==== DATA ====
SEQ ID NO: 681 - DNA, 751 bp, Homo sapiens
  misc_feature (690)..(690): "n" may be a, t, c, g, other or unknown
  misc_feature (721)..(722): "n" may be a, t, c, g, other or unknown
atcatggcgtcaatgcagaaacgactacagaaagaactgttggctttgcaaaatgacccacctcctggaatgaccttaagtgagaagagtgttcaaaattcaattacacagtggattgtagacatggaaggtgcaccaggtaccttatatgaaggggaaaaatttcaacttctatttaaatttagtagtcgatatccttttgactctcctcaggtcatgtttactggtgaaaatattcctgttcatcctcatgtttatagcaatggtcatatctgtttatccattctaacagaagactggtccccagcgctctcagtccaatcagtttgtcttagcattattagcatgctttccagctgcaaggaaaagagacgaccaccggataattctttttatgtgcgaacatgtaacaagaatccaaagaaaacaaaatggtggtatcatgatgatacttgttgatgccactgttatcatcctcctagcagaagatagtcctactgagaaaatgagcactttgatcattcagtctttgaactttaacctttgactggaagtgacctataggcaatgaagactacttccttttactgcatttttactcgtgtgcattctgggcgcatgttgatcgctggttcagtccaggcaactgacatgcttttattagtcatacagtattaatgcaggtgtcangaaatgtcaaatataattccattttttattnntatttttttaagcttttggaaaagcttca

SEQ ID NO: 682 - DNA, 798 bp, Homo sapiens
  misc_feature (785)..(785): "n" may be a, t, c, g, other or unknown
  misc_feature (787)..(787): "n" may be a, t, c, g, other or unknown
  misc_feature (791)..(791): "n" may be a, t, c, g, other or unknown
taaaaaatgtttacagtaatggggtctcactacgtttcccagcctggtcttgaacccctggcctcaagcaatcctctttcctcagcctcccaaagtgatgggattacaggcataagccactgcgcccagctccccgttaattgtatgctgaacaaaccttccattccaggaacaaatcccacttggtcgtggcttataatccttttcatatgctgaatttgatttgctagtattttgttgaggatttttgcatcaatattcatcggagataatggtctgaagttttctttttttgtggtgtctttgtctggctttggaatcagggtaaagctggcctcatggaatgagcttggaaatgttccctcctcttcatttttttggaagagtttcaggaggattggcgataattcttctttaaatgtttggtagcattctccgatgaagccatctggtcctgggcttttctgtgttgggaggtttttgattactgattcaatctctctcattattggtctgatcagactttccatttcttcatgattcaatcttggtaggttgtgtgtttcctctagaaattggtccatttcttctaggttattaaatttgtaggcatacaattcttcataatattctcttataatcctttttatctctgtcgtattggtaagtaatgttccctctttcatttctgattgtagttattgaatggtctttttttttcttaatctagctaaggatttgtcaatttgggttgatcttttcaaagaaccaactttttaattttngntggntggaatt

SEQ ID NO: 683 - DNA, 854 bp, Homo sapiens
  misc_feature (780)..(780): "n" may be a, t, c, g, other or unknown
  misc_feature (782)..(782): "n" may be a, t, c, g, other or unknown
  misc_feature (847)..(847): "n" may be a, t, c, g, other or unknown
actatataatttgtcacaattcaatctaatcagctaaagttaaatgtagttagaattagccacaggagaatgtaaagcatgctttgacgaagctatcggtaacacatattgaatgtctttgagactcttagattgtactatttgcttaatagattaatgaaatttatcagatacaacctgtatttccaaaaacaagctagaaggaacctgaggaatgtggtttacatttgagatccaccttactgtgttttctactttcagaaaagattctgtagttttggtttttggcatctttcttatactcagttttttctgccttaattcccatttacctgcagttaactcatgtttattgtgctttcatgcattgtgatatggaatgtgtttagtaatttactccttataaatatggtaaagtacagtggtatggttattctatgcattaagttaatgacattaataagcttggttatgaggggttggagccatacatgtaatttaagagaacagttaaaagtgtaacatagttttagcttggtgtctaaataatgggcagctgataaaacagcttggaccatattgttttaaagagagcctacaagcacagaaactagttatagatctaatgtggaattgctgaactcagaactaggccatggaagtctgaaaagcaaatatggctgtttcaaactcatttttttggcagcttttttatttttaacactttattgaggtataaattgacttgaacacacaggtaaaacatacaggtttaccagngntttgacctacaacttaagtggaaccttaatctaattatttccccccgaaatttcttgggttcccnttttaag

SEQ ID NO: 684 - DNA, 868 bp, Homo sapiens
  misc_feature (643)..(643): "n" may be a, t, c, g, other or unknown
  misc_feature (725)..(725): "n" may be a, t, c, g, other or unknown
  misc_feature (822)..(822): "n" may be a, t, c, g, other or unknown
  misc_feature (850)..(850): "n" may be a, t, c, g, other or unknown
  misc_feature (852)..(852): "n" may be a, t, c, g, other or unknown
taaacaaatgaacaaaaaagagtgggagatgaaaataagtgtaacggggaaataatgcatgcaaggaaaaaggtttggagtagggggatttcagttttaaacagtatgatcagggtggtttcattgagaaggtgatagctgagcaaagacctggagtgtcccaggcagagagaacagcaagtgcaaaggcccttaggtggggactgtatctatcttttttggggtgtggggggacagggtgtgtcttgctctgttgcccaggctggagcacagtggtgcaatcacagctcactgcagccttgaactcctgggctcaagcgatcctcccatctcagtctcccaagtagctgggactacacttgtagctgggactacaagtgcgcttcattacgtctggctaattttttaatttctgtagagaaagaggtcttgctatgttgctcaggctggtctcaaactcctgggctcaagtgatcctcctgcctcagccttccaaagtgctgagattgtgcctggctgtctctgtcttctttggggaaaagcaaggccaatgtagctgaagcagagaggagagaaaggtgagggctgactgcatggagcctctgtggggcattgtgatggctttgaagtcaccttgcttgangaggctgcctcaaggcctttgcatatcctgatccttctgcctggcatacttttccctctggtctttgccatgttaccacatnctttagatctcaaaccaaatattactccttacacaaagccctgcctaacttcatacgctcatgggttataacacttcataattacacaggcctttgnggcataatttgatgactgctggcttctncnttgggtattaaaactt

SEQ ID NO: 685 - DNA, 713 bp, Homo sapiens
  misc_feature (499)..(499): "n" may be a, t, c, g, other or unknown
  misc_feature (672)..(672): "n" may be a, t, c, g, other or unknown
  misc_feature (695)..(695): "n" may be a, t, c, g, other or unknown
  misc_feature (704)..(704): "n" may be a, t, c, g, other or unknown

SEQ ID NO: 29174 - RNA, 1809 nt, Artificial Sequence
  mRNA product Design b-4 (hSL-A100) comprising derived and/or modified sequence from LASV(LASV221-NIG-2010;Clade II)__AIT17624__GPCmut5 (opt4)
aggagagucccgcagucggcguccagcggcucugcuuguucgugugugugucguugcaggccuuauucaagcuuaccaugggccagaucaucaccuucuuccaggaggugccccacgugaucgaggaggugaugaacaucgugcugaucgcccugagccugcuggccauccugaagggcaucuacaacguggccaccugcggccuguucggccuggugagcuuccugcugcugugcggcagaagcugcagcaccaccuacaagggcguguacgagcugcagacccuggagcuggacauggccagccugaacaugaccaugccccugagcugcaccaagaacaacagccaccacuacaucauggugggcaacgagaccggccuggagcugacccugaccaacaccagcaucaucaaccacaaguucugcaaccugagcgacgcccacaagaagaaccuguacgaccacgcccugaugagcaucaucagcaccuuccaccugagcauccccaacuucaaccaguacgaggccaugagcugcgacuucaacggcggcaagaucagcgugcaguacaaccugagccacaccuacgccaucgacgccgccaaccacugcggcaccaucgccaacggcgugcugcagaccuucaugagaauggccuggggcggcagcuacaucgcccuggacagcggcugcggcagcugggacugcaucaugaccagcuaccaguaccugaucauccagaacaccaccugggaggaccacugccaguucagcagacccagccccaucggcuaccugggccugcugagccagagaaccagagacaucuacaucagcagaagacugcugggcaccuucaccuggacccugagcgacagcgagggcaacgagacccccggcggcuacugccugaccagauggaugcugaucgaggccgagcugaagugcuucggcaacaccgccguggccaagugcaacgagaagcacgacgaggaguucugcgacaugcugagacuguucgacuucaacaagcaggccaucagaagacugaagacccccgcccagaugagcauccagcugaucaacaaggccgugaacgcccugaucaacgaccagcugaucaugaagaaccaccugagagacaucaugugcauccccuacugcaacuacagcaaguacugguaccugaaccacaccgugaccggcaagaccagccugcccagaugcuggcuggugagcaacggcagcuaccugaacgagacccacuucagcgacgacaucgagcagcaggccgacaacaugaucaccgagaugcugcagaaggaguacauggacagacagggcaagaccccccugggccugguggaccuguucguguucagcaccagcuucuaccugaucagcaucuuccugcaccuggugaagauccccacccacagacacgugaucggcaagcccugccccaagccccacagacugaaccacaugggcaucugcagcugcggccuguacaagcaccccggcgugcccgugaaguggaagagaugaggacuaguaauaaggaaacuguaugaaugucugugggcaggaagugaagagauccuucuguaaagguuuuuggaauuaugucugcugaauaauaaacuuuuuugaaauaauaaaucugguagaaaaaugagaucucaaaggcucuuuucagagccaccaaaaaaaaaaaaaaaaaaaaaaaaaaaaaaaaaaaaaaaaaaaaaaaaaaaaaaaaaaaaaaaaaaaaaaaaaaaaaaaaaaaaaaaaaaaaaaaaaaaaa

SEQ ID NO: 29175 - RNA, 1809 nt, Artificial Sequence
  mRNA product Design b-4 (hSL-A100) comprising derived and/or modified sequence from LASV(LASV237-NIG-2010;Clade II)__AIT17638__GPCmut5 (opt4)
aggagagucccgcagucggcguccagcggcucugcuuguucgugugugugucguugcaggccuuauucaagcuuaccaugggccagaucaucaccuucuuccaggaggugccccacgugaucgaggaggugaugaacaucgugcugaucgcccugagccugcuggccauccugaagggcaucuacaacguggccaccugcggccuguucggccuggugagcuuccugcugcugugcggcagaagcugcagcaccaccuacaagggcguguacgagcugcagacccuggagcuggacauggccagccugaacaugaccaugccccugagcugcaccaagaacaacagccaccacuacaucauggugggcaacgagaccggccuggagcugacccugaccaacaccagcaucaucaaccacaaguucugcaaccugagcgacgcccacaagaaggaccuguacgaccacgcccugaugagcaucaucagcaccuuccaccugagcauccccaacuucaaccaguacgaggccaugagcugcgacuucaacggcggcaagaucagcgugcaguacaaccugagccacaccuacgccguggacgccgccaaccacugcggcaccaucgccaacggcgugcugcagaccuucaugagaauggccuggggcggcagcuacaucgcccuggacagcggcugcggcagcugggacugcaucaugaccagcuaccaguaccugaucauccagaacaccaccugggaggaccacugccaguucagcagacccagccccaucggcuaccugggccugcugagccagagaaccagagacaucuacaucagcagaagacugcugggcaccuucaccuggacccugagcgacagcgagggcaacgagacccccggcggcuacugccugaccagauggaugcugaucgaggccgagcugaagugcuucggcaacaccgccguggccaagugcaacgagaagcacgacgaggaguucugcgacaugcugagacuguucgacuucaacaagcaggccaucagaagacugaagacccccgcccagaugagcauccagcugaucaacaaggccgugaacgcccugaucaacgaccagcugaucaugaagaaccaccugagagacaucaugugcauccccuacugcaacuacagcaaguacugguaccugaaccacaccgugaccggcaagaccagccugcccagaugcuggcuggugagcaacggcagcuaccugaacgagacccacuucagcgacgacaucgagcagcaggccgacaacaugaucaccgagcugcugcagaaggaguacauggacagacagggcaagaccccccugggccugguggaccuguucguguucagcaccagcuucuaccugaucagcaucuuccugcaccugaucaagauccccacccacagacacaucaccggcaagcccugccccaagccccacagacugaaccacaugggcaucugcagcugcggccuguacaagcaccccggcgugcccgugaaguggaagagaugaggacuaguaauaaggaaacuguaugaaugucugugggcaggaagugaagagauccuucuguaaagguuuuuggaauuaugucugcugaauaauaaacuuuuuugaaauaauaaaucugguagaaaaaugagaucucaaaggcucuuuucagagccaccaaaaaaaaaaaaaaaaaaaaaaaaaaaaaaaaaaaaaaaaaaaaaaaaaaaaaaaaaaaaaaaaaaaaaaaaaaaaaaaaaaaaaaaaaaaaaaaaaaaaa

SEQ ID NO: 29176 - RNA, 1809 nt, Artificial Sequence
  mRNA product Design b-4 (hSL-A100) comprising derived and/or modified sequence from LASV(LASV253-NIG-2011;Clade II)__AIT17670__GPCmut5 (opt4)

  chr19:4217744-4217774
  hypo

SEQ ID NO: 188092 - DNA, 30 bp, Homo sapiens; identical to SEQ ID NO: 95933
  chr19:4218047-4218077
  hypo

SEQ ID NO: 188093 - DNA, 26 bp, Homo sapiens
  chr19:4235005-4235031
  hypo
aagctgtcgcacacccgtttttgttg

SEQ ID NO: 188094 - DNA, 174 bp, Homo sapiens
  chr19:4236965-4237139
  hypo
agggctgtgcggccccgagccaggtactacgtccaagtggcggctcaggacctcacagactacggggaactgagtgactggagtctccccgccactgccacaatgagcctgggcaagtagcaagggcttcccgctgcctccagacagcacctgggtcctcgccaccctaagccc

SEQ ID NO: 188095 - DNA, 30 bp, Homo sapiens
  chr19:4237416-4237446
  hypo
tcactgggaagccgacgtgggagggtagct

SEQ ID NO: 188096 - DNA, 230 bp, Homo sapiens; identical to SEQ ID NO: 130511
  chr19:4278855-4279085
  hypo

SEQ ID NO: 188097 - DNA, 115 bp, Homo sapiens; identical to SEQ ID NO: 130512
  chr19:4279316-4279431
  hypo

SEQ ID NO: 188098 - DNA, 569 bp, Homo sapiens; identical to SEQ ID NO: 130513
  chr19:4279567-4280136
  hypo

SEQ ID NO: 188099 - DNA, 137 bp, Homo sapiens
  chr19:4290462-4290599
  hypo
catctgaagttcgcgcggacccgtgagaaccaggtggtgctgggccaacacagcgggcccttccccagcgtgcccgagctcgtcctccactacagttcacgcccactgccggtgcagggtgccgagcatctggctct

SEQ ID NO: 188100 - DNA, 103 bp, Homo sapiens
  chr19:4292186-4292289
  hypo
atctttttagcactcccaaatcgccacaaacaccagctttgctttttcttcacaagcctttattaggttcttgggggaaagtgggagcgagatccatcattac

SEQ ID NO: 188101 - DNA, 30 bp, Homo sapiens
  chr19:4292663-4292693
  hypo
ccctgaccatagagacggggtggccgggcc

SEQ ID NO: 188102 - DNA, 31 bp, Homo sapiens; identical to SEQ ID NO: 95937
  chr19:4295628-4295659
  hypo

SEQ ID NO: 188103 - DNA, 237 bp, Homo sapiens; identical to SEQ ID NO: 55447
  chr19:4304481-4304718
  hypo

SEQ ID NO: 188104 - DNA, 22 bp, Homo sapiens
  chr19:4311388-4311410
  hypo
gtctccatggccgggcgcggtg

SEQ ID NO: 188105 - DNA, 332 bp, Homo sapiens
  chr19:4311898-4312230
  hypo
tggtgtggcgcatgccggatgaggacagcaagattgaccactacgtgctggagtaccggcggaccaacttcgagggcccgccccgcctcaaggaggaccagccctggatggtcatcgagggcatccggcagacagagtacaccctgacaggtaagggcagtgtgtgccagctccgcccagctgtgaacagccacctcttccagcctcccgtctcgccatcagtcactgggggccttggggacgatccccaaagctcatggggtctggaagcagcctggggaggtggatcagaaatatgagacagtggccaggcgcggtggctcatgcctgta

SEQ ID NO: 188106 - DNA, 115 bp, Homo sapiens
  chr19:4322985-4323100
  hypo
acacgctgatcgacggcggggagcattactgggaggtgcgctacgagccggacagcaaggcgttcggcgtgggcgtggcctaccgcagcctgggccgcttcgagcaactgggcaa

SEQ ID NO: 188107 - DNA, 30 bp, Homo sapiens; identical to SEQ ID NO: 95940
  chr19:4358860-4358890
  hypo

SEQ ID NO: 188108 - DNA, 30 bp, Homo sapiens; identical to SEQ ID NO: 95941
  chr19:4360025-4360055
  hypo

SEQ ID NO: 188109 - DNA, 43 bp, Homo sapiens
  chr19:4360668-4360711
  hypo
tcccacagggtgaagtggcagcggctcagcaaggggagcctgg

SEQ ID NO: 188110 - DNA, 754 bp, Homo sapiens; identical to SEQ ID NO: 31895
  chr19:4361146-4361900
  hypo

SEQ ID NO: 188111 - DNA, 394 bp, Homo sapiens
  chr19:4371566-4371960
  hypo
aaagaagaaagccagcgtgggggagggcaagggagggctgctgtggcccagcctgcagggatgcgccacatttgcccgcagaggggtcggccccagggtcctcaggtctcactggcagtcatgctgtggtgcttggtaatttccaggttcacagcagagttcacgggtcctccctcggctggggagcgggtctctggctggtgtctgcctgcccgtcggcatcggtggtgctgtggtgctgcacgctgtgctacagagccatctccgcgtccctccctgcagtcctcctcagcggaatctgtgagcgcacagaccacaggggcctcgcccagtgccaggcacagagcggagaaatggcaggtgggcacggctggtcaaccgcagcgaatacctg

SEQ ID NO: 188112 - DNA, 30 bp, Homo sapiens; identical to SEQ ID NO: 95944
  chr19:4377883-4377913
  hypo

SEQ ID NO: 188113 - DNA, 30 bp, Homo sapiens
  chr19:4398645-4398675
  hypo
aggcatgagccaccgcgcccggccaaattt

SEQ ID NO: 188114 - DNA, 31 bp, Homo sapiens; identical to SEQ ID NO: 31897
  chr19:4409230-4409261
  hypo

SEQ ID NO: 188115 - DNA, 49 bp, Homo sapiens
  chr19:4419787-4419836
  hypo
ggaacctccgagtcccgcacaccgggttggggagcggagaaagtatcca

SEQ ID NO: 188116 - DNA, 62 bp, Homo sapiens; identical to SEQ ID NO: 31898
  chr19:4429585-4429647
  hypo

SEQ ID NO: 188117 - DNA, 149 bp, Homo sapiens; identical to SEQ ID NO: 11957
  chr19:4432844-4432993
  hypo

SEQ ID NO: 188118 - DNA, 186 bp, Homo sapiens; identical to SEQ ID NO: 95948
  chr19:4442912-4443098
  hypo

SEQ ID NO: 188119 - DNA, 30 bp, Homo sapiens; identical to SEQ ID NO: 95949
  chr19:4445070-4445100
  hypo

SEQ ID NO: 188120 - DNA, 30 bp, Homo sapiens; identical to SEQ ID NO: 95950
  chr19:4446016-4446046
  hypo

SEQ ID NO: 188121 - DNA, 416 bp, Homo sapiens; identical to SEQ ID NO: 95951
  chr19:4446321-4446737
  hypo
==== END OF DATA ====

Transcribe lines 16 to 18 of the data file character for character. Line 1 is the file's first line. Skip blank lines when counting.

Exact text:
  misc_feature (643)..(643): "n" may be a, t, c, g, other or unknown
  misc_feature (725)..(725): "n" may be a, t, c, g, other or unknown
  misc_feature (822)..(822): "n" may be a, t, c, g, other or unknown